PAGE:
An index is a database entity that facilitates data lookups. Indexes are used to quickly locate data without having to search every individual document (or row of data) in the database.
An instance is the deprecated synonym of document.
- Instance ID
An instance ID is the deprecated synonym of a document ID.
Sequences are arrays and pages that can be mapped and filtered.
- Log node
A node in a FaunaDB replica which is responsible for coordinating and storing transactions.
Multi-tenancy is the ability to have a single FaunaDB cluster provide individual databases to multiple tenants (e.g., companies, applications, programmers, and/or users) in isolation. Each tenant has complete administrative control, a private security model, and programmatic creativity over their own database(s), free from interference from users of other databases in the cluster.
A mutation refers to a query that changes data when using GraphQL.
A node is a computer (or virtual machine) with a unique network address that is running the FaunaDB database software.
A group of nodes containing exactly one node from each replica.
Every document in the database has an identifier called a reference, or ref for short. A document’s ref encodes its collection along with a unique id, and is therefore unique to that document within the scope of the database in which it is stored.
A named group of one or more, co-located nodes containing a complete copy of the data.
- Quality-of-service management
FaunaDB’s quality-of-service management means that, in a saturated cluster where resources are reaching critical capacity, each tenant receives scheduling proportional to their configured priority. For example, in a saturated cluster with two tenants of priority 500 and 250, the first tenant gets 2/3 of the resources and the other gets 1/3 of the resources. This prevents a single greedy user from significantly impacting other users.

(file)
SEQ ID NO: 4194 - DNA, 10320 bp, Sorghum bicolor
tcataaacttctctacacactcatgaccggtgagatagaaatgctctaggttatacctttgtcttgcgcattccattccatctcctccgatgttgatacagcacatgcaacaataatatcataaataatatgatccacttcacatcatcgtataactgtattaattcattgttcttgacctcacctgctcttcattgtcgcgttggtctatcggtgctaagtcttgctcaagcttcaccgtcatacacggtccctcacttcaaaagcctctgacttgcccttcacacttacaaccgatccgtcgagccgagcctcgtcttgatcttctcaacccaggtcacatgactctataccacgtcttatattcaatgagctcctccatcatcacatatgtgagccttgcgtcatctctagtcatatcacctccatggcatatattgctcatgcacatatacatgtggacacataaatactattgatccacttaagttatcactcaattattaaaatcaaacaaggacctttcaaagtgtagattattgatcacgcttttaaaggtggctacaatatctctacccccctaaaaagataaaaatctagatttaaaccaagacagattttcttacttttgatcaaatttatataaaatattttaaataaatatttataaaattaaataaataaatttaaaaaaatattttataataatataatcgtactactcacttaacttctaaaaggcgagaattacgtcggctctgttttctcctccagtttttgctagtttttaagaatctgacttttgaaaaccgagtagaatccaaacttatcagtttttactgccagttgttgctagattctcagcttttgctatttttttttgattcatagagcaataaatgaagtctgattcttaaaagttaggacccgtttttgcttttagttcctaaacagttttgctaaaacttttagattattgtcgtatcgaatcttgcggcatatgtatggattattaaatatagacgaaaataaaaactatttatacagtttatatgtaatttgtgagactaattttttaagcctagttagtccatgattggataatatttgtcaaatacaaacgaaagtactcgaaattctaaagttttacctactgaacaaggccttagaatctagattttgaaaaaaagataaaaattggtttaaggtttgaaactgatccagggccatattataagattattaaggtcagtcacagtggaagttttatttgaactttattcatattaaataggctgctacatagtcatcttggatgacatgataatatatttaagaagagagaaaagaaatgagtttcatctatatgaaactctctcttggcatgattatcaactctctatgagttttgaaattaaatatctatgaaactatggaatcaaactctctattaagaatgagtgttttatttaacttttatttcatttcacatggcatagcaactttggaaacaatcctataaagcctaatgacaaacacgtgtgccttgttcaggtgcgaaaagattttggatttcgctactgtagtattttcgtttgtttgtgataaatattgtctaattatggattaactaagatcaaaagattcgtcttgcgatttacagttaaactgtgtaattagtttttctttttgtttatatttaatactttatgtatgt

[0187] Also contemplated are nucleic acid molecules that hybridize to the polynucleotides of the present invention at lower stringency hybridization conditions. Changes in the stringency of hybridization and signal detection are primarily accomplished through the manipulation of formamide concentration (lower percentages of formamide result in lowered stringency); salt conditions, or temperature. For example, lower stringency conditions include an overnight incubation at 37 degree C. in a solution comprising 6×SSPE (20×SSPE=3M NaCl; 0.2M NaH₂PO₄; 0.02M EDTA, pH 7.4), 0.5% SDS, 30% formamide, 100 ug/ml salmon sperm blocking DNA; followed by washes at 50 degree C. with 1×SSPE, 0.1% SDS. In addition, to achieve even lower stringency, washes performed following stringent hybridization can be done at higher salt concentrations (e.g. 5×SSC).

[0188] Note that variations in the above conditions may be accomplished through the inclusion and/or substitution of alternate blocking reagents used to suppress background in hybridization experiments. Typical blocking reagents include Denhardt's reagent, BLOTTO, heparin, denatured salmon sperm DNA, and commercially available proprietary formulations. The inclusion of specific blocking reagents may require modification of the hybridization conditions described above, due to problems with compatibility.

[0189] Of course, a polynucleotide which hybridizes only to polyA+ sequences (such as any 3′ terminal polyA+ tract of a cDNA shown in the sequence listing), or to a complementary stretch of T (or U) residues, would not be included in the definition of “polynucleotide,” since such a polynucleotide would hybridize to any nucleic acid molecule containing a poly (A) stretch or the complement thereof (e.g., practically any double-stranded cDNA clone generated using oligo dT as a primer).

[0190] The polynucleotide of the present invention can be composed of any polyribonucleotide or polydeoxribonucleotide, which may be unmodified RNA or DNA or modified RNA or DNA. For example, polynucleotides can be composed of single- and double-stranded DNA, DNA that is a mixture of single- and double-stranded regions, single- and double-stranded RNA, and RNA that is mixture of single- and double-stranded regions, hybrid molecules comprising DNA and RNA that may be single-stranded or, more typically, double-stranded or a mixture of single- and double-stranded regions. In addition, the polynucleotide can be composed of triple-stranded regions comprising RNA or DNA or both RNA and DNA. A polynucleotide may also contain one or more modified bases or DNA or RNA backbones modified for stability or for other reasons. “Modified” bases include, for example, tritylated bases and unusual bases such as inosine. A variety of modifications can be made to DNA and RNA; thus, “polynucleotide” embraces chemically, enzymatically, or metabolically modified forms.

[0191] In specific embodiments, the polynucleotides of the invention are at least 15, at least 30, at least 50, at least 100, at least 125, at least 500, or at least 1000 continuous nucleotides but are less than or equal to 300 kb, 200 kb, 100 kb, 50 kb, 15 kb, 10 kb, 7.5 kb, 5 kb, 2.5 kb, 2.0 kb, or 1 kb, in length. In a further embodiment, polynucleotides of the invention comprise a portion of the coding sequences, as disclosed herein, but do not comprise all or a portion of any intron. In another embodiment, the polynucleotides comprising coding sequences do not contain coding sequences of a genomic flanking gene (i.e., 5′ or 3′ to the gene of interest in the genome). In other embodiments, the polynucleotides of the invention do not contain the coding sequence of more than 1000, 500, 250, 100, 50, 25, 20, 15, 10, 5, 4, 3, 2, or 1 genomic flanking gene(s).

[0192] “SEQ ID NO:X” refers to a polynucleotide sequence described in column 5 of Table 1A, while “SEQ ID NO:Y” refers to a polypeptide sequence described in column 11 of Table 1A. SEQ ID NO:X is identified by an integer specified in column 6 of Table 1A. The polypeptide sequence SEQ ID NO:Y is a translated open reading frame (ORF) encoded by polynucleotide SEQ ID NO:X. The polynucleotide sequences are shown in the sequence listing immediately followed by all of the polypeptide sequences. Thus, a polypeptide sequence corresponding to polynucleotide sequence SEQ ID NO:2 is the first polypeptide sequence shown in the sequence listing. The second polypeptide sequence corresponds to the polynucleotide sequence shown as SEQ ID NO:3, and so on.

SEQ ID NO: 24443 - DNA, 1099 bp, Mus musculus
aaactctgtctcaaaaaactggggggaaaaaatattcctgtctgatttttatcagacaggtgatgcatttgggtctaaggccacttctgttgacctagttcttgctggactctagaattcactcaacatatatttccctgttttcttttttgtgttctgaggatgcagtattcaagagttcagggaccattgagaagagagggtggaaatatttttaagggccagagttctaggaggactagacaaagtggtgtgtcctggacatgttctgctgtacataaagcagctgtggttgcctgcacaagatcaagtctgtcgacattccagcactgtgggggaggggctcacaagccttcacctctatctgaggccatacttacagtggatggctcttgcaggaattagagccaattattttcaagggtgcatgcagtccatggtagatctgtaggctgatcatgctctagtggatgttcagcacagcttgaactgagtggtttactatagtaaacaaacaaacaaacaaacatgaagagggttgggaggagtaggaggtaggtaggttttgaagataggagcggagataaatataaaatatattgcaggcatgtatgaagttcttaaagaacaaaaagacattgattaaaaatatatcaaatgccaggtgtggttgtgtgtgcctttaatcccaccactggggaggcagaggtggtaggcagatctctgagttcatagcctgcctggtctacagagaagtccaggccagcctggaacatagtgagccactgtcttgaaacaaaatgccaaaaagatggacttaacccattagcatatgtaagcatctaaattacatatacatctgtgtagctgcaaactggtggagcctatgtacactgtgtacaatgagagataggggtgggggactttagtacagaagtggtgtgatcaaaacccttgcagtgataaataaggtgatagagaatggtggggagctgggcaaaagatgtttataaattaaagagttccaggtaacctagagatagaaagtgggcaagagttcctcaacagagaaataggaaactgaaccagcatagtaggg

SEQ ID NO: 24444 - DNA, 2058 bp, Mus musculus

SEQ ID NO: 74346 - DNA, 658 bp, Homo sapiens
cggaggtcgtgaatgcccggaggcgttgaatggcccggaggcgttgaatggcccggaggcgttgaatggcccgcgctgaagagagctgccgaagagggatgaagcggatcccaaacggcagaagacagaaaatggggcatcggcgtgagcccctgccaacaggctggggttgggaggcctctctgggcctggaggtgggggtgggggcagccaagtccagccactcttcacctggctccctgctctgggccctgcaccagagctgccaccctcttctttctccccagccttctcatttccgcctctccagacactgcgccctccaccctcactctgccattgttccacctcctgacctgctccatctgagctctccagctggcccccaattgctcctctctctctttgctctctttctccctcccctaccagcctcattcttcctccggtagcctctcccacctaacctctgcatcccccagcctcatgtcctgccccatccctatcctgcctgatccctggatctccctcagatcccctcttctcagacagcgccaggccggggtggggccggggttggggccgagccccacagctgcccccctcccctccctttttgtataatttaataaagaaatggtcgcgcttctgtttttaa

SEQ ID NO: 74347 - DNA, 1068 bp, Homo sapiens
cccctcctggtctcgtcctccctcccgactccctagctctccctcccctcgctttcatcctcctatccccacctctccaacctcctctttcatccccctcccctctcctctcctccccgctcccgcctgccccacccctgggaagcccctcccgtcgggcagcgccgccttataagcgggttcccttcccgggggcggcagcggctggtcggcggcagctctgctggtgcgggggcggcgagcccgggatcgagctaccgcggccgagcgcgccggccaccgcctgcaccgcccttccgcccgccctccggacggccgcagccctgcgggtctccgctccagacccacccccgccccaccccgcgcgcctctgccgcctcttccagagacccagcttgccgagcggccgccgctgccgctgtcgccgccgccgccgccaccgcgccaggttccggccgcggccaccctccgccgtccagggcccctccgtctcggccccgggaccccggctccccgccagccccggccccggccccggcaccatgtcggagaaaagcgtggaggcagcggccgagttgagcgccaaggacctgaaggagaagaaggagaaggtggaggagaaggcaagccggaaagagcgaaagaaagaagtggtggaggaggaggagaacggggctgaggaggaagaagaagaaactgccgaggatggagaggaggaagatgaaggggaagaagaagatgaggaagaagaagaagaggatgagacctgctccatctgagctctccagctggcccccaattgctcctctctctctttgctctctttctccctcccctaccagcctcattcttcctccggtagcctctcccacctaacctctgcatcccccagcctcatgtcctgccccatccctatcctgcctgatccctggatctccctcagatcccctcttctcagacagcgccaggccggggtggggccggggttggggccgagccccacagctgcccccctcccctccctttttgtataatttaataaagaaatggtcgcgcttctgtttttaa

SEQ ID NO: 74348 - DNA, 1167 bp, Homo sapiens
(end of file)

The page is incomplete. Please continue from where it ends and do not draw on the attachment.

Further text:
priorityoption is deprecated as of release 2.10.0. You should avoid specifying
priority. In some future FaunaDB release,
prioritywill be removed. See Deprecations for more details.
A query is the way to ask a database for, or to change, data. FaunaDB’s native Fauna Query Language provides a robust set of commands to help you form any kind of query you require. You can also use GraphQL for most kinds of querying too.
A set is a sorted group of immutable data from a collection. Object data is mapped onto a set, and as documents are created, modified, and deleted, the set is updated. Sets provide a relational view of the data within your collection, such as all the X that are Y.
- Temporal documents
In FaunaDB, documents are temporal, meaning each creation, modification, or deletion event is assigned a transaction timestamp and inserted into the document history. Approaching documents temporally allows event sourcing, reactive programming, and various audit and stream-oriented data architectures that help the system "just work". Unlike older NoSQL systems, no additional configuration is needed to get your database playing nicely with your incoming and outgoing data.
- Transaction log
To prepare for unexpected failures, all transaction data received by a log node is written to non-volatile storage for recovery of a replica. The transaction data is written in the order received to optimize for fast writes.